The Balancing Act Raises Awareness for Rare Disease Day

It might shock you to learn that nearly one in every ten Americans suffers from a rare disease.  A common thread linking more than 7,000 rare diseases is a broad diversity of relatively common symptoms that often lead to misdiagnosis and delayed treatment.

Sadly, millions of misdiagnosed patients end up suffering through inappropriate medical interventions including surgery, medicines, and psychological treatment.

To raise awareness for these little-known illnesses, those affected chose the last day in February – the rarest day of the year during leap years – to recognize World Rare Disease Day. After being launched in Europe and spreading to the U.S. in 2009, Rare Disease Day has surged rapidly in popularity, now boasting participation from more than 80 countries around the world.

On February 28th, 2017, Behind the Mystery: Rare & Genetic  — airing nationally on Lifetime Television — recognizes World Rare Disease Day by dedicating the episode to raising awareness about rare and genetic diseases, along with their impact on patients and their families.

As we enter our fifth season of programming, Behind the Mystery: Rare & Genetic highlights the rare, or “orphan,” disease community on our morning show, The Balancing Act.

Orphan diseases are defined as conditions that affect less than 200,000 people nationwide, such as ALS (Lou Gehrig’s disease) and Amyloidosis.

Because a lack of scientific knowledge and readily accessible information hinders early diagnosis, rare disease sufferers – and family members like me – believe that staging grassroots campaigns like Rare Disease Day is crucial to making progress.

In the special episode, the program will detail rare diseases Neuroendocrine Tumors (NETS) and X-Linked Hypophosphatemia. Additionally, the show welcomes back my daughter Ilana Jacqueline, whose Primary Immune Deficiency Disease diagnosis motivated us to launch the Behind the Mystery: Rare & Genetic series.

Ilana’s experience with rare disease inspired her to become an advocate; she is the Managing Editor of The RARE Daily at Global Genes, author of the upcoming book Surviving and Thriving with an Invisible Chronic Illness and the mind behind the informational blog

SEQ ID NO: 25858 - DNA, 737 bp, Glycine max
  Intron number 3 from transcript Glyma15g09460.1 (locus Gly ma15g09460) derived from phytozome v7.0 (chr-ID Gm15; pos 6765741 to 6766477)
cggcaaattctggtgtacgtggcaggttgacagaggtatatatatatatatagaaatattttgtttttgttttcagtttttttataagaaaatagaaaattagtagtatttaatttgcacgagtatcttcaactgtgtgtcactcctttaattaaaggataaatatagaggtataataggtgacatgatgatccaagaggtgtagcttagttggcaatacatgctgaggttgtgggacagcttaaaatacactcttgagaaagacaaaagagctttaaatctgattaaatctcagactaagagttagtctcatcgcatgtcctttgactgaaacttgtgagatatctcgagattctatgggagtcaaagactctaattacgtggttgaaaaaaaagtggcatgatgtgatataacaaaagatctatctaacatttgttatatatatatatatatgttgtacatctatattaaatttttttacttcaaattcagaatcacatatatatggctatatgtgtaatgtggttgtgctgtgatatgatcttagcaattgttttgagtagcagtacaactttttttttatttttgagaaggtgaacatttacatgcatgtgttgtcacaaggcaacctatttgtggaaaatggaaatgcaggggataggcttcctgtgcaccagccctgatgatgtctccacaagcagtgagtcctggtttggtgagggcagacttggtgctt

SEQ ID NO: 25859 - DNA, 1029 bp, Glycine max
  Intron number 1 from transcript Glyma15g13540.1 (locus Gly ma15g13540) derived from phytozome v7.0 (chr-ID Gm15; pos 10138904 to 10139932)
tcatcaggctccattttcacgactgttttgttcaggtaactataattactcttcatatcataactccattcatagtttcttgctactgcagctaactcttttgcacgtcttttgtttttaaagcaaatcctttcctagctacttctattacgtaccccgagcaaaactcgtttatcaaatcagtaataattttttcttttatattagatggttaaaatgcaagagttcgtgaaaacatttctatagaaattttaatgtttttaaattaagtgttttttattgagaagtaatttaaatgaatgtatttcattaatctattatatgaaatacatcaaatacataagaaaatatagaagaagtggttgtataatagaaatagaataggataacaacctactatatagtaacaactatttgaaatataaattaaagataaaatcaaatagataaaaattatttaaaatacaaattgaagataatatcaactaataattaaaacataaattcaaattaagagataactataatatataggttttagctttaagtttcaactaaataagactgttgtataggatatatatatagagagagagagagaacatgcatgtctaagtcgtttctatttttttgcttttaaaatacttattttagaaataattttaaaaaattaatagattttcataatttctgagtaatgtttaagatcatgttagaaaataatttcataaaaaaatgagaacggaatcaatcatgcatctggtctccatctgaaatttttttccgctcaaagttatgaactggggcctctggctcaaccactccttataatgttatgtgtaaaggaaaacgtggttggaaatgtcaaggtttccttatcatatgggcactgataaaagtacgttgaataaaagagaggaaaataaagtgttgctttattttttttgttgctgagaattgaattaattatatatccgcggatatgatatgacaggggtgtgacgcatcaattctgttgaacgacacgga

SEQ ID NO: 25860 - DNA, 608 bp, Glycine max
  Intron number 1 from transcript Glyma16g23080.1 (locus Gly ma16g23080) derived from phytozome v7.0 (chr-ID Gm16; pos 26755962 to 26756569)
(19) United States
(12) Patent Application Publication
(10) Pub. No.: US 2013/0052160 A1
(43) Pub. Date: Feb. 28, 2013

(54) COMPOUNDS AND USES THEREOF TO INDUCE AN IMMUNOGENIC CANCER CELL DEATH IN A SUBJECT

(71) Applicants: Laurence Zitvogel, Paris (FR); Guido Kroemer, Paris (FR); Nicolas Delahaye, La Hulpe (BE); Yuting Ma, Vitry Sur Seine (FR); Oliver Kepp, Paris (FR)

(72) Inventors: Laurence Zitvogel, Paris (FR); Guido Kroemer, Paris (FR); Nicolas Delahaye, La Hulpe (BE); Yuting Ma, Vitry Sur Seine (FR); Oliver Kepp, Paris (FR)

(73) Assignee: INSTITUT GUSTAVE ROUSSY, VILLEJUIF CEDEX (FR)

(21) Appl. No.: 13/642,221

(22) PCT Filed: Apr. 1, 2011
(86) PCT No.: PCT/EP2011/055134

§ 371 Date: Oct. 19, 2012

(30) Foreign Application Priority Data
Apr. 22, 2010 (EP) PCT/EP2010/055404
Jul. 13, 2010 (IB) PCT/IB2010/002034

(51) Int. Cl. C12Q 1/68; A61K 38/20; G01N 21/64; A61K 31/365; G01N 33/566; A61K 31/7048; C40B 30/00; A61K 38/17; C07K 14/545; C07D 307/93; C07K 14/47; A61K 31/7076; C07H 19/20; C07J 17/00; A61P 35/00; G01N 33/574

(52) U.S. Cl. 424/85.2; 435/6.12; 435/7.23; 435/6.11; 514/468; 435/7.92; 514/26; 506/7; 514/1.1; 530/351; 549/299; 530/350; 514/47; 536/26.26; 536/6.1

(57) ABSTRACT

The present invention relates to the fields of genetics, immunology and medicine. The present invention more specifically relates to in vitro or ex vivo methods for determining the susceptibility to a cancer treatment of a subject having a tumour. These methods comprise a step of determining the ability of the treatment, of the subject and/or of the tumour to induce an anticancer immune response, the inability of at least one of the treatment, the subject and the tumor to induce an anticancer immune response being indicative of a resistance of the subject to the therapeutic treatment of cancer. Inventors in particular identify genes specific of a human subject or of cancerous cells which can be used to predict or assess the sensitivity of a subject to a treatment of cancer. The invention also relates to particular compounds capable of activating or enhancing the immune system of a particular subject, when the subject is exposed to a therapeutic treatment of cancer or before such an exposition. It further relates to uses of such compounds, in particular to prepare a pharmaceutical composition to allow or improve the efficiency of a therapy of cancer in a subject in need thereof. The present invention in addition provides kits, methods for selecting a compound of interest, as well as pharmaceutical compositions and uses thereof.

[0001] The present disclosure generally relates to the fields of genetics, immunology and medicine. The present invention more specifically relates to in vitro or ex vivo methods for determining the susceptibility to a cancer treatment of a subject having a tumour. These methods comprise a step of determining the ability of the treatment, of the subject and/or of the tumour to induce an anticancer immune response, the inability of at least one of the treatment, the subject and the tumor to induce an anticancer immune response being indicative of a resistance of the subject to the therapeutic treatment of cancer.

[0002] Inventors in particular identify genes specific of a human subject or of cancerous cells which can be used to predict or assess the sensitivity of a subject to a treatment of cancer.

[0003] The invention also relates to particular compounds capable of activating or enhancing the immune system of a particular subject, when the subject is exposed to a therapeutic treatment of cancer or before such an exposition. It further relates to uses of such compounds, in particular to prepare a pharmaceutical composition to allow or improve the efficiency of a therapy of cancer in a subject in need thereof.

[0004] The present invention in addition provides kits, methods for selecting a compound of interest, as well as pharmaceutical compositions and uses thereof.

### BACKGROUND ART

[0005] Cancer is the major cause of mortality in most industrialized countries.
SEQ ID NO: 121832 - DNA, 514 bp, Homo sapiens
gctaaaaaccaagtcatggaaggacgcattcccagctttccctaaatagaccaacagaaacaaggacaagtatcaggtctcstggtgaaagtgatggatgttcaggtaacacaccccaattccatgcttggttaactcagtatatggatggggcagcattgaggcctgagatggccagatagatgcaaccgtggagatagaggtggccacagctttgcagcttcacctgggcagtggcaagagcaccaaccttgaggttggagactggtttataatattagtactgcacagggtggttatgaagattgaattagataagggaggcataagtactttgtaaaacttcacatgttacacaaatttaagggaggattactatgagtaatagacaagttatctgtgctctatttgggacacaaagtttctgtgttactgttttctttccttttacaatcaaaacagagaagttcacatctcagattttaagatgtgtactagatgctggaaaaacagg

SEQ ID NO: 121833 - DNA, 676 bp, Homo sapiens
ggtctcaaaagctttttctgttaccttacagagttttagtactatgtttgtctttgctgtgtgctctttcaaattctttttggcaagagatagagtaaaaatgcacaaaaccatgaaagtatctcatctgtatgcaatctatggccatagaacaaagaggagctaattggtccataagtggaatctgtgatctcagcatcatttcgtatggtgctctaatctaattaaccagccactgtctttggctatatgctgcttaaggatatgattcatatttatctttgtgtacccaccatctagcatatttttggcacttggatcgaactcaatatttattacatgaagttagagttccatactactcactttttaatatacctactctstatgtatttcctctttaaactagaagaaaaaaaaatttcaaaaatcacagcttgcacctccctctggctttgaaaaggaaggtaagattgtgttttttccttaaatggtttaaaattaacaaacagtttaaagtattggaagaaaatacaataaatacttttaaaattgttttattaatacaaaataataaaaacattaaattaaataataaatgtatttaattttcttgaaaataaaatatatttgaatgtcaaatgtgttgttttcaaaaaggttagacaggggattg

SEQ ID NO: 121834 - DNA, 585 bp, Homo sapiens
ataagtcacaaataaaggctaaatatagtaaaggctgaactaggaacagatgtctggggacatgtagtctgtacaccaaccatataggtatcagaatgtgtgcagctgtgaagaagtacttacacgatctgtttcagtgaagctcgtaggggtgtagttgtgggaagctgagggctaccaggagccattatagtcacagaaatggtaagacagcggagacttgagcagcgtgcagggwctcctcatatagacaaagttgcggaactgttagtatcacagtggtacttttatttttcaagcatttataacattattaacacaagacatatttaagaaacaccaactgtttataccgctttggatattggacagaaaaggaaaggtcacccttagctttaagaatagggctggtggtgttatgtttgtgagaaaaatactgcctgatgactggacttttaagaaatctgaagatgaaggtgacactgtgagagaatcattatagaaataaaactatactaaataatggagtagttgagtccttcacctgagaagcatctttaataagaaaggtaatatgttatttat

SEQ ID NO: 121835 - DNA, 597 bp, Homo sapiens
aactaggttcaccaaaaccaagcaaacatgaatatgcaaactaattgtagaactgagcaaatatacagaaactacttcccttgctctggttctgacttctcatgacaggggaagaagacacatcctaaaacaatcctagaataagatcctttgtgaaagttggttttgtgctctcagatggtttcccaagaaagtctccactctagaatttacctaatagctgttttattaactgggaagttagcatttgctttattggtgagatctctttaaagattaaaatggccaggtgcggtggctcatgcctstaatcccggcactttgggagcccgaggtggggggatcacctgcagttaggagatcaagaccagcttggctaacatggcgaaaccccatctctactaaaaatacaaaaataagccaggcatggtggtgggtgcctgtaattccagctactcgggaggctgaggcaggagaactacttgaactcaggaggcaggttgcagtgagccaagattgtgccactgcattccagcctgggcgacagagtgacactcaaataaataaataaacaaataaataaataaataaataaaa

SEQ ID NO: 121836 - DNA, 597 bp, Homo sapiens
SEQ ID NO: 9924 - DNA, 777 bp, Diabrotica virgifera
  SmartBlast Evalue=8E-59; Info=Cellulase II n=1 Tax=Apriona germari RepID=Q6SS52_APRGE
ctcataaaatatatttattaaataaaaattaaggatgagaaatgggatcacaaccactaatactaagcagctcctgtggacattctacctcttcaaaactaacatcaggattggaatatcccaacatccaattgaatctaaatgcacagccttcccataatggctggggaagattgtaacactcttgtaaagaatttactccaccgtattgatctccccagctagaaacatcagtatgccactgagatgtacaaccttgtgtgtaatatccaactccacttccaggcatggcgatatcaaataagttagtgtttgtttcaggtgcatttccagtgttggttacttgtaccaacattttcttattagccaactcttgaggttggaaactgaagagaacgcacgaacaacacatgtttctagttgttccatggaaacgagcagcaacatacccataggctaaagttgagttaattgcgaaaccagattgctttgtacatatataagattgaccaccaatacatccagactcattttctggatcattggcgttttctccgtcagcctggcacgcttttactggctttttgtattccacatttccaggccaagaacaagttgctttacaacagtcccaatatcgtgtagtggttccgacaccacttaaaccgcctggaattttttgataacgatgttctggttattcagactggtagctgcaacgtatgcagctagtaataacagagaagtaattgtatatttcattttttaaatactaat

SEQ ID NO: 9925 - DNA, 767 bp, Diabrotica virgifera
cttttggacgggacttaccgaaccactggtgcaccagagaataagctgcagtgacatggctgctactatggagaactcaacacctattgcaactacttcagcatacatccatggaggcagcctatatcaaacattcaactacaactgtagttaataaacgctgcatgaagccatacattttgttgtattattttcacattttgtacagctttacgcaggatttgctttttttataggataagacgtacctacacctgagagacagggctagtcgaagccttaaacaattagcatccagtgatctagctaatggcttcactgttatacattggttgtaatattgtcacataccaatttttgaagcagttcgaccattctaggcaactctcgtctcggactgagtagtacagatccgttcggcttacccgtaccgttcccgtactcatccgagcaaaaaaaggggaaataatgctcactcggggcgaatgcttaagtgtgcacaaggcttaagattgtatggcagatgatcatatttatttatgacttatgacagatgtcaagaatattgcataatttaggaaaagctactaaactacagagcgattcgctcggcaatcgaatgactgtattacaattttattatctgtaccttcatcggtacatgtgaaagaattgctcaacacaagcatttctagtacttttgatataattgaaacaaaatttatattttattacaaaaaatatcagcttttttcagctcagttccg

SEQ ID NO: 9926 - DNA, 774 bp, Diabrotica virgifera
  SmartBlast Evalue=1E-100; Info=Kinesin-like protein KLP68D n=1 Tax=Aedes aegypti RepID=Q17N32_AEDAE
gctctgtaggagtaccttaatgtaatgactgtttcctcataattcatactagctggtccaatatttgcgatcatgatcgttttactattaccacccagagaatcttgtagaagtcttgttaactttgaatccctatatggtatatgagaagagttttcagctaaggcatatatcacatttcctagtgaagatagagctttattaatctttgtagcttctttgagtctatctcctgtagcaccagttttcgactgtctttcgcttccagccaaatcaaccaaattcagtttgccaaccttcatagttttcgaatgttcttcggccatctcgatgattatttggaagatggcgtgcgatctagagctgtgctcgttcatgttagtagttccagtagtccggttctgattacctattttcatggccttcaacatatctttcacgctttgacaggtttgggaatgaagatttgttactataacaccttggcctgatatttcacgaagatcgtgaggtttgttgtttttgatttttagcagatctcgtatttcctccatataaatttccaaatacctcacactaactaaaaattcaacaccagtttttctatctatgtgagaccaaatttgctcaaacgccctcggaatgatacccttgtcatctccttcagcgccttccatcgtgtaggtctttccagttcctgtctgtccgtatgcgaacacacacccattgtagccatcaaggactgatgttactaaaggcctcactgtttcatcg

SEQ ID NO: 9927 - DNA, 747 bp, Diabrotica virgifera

When Ilana first got sick, all I wanted to do was research, join communities and find other patients. What I ended up discovering was there are over 7,000 different types of rare diseases, and that 30 million people are currently living with a rare disease in the U.S. There was a lot to learn.

I found help from my co-producer, Molly Mager, who also had a personal connection to the rare disease world; her brother had been diagnosed with Acinar Cell Cystadenoma. We began to speak with pharmaceutical companies, disease foundations and patients about the best way to educate our audience.

“We want to break down these segments into ‘what is this disease?’, ‘who gets it’, and ‘what can be done about it?”, says Mager. “We’re speaking with the top players in the pharmaceutical industry and their lead scientists. One thing that rare disease patients need is hope —and we’re investigating what’s in the pipeline today that’s going to give us the answers tomorrow.”

From patients and families to researchers, health professionals and regular folks, Rare Disease Day is open to everyone. The Rare Disease Day website offers seven ways to participate this year, including telling your personal story, posting an event and interacting via social media.

To learn more about World Rare Disease Day, please visit For more on the upcoming segment and past Behind the Mystery segments, please visit and

Carri Levy is a producer for Behind the Mystery: Rare & Genetic, and is a rare disease advocate, blogger and speaker.

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